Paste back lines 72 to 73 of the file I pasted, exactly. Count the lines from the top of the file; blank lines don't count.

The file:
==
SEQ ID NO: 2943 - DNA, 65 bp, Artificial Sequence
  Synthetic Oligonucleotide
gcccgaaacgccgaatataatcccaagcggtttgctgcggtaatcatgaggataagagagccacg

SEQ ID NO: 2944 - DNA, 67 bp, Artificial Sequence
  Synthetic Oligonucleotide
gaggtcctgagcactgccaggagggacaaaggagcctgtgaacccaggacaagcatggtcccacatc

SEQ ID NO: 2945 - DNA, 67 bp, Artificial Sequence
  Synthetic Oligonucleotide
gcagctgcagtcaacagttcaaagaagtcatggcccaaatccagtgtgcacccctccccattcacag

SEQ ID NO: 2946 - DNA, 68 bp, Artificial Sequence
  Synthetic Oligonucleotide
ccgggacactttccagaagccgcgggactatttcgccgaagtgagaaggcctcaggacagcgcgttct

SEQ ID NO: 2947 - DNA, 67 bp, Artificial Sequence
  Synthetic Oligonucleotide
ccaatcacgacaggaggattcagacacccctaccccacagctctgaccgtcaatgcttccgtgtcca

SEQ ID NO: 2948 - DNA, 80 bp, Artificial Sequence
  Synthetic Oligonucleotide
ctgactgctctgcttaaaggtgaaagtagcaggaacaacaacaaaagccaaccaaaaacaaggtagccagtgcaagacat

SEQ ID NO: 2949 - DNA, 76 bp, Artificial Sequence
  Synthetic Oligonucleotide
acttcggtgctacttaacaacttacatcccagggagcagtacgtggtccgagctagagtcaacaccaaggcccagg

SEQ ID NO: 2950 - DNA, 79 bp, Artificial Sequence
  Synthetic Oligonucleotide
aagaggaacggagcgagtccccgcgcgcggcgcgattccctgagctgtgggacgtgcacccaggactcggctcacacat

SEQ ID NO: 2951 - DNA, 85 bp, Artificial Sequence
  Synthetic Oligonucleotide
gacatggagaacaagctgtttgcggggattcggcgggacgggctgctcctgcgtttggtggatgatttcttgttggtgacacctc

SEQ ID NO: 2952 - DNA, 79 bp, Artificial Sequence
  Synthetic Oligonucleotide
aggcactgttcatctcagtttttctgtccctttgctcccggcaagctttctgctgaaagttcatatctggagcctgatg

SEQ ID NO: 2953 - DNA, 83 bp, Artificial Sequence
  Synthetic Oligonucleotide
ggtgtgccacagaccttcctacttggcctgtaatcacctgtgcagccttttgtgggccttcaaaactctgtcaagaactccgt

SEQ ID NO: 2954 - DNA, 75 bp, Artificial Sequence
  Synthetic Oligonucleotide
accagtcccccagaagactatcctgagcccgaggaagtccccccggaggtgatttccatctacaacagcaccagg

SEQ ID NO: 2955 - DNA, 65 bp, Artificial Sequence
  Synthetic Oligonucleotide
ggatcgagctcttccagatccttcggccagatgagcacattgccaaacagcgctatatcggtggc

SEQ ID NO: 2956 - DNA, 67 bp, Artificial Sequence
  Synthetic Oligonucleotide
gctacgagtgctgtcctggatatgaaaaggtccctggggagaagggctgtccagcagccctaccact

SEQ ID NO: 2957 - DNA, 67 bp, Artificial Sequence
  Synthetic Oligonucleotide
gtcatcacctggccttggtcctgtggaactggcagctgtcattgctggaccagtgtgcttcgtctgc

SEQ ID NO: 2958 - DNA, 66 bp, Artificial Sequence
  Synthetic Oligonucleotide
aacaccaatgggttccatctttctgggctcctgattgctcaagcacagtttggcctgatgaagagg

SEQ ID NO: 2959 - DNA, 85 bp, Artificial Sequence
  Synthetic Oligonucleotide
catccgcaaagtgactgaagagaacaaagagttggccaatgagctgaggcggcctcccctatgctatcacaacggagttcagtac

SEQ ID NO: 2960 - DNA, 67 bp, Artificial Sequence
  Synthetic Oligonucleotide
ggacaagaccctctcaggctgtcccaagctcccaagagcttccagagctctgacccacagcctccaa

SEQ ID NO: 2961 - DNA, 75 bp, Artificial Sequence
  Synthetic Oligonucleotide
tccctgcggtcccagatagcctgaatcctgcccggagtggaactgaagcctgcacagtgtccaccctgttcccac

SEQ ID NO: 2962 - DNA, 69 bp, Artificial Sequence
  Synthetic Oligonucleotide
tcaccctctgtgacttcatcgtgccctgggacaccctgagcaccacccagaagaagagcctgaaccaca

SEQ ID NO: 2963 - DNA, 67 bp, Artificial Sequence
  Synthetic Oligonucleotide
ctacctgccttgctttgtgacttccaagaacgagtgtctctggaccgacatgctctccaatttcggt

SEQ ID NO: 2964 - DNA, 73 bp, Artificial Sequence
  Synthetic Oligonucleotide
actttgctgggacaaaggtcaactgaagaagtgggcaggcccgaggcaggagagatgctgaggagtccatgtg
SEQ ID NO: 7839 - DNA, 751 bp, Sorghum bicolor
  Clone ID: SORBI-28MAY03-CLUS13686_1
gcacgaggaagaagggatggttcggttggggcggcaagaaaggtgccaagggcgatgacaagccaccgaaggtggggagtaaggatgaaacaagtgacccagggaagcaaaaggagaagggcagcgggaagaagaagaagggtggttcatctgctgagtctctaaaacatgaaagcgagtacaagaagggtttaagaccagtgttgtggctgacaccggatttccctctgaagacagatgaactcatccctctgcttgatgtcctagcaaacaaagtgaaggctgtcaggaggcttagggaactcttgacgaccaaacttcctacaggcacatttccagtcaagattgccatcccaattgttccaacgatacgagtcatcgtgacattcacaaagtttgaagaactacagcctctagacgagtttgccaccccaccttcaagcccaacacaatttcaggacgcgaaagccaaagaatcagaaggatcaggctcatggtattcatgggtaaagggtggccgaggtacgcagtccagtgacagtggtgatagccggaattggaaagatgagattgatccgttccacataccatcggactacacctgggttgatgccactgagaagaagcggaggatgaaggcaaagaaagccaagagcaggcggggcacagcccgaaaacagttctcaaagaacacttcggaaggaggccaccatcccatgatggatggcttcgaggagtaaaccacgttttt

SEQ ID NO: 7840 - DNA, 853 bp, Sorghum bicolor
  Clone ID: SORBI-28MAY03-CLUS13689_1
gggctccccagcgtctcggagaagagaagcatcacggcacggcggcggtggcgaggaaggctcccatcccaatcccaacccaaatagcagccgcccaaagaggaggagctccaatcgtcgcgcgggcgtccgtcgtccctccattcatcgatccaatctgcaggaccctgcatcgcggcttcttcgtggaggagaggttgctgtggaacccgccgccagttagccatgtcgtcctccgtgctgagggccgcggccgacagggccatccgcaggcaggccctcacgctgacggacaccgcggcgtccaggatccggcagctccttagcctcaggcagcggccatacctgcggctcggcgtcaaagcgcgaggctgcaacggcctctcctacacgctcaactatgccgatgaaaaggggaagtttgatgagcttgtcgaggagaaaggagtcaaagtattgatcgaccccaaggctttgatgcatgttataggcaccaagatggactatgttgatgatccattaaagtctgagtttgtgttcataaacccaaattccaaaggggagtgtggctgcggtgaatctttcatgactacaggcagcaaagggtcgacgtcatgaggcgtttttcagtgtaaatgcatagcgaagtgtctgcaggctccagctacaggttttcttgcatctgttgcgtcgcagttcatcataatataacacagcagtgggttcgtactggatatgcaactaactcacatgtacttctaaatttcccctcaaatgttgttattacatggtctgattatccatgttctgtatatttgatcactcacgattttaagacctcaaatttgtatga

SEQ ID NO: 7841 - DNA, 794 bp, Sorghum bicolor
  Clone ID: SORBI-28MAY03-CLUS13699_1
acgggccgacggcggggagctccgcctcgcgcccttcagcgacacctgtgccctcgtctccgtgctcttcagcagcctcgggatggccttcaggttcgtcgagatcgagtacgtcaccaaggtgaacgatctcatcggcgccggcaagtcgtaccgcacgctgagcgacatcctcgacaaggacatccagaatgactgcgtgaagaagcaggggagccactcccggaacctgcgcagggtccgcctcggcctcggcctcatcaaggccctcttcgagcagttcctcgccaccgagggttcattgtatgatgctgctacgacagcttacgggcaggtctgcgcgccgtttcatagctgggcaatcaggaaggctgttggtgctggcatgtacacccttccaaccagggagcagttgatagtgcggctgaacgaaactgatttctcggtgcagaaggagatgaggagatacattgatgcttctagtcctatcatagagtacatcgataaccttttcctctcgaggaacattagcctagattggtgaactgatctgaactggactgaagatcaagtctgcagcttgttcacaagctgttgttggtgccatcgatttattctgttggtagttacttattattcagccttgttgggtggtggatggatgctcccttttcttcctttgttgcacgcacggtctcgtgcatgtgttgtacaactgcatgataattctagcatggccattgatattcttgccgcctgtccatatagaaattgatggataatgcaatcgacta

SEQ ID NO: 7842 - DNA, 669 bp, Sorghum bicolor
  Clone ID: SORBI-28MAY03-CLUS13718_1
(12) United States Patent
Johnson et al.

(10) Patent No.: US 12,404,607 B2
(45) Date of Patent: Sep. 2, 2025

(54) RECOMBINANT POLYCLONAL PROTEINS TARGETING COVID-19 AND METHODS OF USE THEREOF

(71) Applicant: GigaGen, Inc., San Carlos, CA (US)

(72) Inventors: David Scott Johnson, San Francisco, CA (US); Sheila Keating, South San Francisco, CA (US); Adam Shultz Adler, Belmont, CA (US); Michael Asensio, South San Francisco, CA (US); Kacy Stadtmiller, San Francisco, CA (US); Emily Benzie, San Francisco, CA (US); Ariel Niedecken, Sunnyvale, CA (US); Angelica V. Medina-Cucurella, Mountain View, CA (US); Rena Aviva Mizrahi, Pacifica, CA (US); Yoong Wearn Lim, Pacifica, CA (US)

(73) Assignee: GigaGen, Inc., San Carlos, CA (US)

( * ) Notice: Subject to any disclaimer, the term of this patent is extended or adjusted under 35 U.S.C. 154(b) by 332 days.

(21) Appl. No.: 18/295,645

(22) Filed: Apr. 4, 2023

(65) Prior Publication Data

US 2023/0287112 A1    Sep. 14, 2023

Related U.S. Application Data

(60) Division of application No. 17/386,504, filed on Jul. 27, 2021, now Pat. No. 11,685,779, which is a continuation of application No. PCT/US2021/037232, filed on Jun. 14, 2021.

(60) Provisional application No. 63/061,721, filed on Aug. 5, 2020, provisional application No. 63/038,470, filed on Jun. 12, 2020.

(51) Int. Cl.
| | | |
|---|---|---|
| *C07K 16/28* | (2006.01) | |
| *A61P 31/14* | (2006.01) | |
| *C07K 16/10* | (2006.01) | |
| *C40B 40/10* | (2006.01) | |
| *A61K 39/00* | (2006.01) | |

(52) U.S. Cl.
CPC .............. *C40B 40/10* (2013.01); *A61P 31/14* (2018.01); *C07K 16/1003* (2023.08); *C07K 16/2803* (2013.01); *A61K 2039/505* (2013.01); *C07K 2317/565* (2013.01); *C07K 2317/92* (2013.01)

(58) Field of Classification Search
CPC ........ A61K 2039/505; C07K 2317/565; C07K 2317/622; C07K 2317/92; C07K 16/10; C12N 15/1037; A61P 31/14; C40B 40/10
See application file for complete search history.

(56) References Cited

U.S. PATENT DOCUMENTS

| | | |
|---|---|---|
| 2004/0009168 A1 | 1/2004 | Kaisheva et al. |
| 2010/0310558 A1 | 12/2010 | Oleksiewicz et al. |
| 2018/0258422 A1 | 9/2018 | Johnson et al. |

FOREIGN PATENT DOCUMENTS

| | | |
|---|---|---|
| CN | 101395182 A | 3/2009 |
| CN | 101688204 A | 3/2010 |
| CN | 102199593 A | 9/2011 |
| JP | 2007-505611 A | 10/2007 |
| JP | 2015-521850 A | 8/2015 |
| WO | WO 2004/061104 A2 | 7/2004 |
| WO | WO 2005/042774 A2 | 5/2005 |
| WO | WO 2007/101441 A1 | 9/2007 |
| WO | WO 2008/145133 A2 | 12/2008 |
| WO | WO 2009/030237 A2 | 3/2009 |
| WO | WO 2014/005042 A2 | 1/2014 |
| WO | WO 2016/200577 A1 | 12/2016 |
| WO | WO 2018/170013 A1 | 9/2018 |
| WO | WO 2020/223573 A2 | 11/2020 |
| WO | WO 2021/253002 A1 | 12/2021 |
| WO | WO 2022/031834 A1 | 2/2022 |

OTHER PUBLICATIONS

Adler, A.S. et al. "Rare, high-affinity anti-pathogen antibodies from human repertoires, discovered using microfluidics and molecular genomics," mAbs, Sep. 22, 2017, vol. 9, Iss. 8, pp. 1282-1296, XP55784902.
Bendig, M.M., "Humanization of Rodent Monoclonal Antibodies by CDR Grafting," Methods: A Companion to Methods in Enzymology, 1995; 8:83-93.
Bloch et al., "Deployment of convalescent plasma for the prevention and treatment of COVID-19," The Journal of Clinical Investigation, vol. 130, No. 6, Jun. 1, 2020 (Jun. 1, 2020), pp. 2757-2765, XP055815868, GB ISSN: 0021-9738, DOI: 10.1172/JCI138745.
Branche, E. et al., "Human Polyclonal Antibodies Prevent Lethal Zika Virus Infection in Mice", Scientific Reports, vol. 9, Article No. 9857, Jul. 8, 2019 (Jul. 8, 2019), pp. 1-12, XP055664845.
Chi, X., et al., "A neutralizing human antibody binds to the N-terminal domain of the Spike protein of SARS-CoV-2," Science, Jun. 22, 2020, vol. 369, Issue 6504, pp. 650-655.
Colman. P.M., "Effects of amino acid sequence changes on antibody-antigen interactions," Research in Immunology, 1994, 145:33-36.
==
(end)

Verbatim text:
gggctccccagcgtctcggagaagagaagcatcacggcacggcggcggtggcgaggaaggctcccatcccaatcccaacccaaatagcagccgcccaaagaggaggagctccaatcgtcgcgcgggcgtccgtcgtccctccattcatcgatccaatctgcaggaccctgcatcgcggcttcttcgtggaggagaggttgctgtggaacccgccgccagttagccatgtcgtcctccgtgctgagggccgcggccgacagggccatccgcaggcaggccctcacgctgacggacaccgcggcgtccaggatccggcagctccttagcctcaggcagcggccatacctgcggctcggcgtcaaagcgcgaggctgcaacggcctctcctacacgctcaactatgccgatgaaaaggggaagtttgatgagcttgtcgaggagaaaggagtcaaagtattgatcgaccccaaggctttgatgcatgttataggcaccaagatggactatgttgatgatccattaaagtctgagtttgtgttcataaacccaaattccaaaggggagtgtggctgcggtgaatctttcatgactacaggcagcaaagggtcgacgtcatgaggcgtttttcagtgtaaatgcatagcgaagtgtctgcaggctccagctacaggttttcttgcatctgttgcgtcgcagttcatcataatataacacagcagtgggttcgtactggatatgcaactaactcacatgtacttctaaatttcccctcaaatgttgttattacatggtctgattatccatgttctgtatatttgatcactcacgattttaagacctcaaatttgtatga

SEQ ID NO: 7841 - DNA, 794 bp, Sorghum bicolor